A USA TODAY story in 2007 tells a story of something of inestimable value. It says:
The old adage “one man’s trash is another man’s treasure” took on new meaning — and a sick feeling of regret — for a couple who donated a rolled-up parchment document to a Nashville thrift store last year, only to find out this week that it was a rare copy of the Declaration of Independence, likely to be worth six figures.
“I bought it at a yard sale … about 10 years, ago, I think,” said Stan Caffy, a pipe fitter who described himself as “the idiot who donated that Declaration you wrote about.” He had it hanging in his garage for about a decade
Caffey read later that a man named Michael Sparks bought the Declaration from the thrift store for $2.48 and is ready to auction it off for $250,000 or more.
Caffy and his wife, Linda, married a little over a year ago, and as part of the ritual of combining households, she pushed him to clean out the garage, which had filled up with all sorts of extraneous things.
So the moral of the story is to never throw anything away; you never know what it might be worth. (I’m hoping Diana reads this!)
This story, along with the main ideas of the parables with look at this week, prompted me to open the sermon yesterday with a similar “what would you do it” kind of story …
What would you do it you were at a weekend yard sale on a Saturday morning. And there you saw a very old metal teapot that caught your eye, but you thought the price was really rather high for a yard sale.
Later that day you happened to flip past the “Antiques Roadshow” PBS program, and what do you see but the very same teapot being discussed. And you are amazed to find out that it is extraordinarily rare … that it was handmade by Paul Revere, and he was known to have only made five of them … so this teapot was said to be worth thousands of dollars.
Beyond that, the program’s expert host says that there is a particularly special one of these that has been lost to history … that it was a gift to George and Martha Washington, and that it would be worth an inestimable sum of money if ever found … and that their initials were on the bottom of it. And you recall when you handled the item earlier that there was writing on the bottom, and you’re pretty sure it was “GW and MW.”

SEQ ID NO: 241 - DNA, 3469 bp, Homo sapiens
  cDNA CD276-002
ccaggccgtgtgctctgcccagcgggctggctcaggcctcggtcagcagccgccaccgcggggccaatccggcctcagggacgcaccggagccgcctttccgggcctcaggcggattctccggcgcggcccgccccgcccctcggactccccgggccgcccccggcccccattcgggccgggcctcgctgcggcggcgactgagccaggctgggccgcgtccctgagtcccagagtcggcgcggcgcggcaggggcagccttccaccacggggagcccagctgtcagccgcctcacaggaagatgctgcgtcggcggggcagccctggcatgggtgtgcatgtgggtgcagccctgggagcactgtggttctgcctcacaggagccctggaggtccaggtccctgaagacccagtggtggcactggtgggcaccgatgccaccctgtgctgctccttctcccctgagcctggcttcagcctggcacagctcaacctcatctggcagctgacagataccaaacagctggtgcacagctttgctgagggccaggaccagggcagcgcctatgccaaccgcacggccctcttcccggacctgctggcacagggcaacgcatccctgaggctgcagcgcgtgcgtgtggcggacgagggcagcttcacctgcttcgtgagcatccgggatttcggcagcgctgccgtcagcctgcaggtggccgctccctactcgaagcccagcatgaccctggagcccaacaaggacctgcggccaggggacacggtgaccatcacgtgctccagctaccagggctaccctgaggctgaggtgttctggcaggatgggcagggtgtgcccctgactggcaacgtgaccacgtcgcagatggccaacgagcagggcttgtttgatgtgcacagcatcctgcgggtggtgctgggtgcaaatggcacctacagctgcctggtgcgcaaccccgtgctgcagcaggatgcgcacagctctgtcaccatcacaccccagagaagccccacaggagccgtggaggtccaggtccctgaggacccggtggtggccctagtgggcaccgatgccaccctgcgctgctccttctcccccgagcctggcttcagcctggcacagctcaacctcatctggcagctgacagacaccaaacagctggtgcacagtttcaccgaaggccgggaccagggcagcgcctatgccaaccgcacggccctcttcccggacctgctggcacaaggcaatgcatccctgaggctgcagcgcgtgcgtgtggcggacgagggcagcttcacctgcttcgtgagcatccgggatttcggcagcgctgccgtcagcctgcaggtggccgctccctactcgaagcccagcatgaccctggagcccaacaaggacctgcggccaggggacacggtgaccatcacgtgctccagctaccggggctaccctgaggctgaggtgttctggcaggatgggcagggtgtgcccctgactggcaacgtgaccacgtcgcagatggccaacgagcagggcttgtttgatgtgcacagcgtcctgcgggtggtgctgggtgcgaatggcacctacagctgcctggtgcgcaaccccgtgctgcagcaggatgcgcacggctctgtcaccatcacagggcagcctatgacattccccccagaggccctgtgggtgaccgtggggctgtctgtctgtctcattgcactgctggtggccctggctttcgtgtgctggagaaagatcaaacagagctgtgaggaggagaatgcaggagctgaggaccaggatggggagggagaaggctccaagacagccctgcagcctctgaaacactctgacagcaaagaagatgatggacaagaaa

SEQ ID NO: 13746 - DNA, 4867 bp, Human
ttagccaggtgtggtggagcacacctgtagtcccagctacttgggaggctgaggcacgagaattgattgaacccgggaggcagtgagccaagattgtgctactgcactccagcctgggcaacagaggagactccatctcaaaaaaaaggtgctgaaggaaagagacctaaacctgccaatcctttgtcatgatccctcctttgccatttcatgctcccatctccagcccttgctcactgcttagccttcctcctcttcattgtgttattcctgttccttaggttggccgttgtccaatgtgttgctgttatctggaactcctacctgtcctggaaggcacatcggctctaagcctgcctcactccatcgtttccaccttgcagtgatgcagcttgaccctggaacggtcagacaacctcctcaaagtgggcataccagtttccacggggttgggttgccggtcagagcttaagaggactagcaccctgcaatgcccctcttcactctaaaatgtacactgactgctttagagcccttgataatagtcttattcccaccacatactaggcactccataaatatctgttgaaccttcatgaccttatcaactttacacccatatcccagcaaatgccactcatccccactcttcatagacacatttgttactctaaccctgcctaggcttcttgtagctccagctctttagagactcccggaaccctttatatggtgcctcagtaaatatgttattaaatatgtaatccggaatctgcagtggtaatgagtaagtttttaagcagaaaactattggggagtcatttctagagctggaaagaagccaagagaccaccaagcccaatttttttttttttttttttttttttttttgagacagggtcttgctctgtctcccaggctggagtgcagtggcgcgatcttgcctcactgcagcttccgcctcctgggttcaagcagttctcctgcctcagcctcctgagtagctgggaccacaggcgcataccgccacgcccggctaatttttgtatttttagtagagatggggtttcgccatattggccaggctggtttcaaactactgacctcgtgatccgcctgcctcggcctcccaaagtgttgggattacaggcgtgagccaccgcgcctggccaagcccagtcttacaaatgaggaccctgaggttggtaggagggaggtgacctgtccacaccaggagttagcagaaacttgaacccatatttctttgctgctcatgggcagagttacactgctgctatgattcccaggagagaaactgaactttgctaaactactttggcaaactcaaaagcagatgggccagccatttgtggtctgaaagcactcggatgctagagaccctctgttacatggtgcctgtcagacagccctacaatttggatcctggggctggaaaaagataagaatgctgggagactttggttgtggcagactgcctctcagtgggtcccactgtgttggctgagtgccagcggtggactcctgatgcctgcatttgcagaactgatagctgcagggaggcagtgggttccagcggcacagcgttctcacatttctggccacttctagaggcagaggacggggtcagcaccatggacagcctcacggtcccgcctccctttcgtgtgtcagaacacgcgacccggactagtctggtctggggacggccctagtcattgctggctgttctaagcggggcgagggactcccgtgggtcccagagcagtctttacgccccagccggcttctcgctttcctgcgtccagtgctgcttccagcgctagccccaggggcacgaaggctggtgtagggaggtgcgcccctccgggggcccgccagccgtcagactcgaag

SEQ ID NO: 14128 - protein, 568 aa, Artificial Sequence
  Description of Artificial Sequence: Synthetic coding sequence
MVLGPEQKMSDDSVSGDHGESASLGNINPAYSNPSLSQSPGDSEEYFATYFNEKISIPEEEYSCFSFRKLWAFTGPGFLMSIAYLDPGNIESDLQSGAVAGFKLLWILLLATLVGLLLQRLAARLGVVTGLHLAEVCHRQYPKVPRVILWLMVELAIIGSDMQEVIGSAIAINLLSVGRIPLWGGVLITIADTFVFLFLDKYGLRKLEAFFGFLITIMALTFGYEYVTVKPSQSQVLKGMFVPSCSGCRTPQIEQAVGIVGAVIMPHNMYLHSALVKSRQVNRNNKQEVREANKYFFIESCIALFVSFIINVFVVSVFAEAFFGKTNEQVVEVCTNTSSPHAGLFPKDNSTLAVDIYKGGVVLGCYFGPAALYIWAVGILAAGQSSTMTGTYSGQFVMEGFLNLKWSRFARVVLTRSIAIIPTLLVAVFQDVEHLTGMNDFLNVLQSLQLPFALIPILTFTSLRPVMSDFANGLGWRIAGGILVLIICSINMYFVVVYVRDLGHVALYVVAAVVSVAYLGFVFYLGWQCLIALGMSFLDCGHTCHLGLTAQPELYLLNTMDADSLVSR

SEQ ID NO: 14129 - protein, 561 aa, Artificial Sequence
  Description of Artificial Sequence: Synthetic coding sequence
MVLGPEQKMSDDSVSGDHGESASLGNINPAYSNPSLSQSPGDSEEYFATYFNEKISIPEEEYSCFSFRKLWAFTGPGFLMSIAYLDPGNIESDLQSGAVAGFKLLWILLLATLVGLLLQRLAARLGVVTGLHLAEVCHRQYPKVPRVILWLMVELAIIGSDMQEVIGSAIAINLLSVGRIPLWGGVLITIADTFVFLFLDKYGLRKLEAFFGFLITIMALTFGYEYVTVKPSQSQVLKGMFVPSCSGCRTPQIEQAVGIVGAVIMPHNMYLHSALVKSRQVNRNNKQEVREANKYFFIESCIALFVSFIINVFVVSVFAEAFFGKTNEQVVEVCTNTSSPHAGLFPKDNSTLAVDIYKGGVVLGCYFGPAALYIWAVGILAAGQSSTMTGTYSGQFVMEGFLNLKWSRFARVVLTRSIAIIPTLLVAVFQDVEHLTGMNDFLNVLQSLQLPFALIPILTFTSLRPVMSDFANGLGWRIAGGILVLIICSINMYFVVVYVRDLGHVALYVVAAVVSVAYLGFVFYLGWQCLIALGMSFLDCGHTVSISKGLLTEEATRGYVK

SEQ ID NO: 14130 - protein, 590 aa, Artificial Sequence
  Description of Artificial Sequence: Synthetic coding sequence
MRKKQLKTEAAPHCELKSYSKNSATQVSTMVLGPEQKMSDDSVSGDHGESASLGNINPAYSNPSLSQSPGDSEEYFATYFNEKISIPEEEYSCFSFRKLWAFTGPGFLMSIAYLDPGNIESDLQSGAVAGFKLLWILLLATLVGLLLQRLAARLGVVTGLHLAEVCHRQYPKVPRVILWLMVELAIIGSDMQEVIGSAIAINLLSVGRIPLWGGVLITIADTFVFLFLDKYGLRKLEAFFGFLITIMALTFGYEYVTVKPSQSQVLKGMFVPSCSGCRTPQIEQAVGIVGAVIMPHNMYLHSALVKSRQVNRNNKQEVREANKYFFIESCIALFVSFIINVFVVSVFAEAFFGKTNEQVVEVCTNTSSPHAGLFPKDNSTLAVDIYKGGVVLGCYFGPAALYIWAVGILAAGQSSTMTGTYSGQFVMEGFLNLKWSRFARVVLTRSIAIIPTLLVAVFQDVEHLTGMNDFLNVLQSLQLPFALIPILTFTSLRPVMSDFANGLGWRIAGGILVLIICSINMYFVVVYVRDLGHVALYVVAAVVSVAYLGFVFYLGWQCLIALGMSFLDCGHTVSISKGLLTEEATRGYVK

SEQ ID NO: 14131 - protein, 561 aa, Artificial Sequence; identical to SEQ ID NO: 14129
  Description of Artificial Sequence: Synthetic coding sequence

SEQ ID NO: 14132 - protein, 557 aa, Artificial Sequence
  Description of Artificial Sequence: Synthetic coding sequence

What would you do? Would you not return to that sale prepared to pay whatever they asked for it, just to have possession of something so valuable?
Again, here is the passage and parables from Matthew 13:44-46: “The kingdom of heaven is like treasure hidden in a field. When a man found it, he hid it again, and then in his joy went and sold all he had and bought that field.
45 “Again, the kingdom of heaven is like a merchant looking for fine pearls. 46 When he found one of great value, he went away and sold everything he had and bought it.
We will get into some deeper interpretive efforts in the next two days, but it does not take a lot of deep digging to see a single main idea that comes from the passage: that the kingdom of heaven is of inestimable value.
Here is a question for you to start off the week: Can you think of anything that comes even close to being of greater inestimable worth than being “all in” in terms of valuing our relationship with God through Christ? And a follow-up question: What are some things that some people believe to be of inestimable value?
When preaching or writing about a topic like this, I am sometimes struck by how difficult it is to come up with an illustration that even begins to scratch the surface of a topic that is related to the immensity of God or the awesome nature of His eternal plans and heavenly kingdom. Anything we come up with seems silly by comparison. BUT THAT IS THE POINT! There really is only one thing that is truly inestimable. And you can have it for free!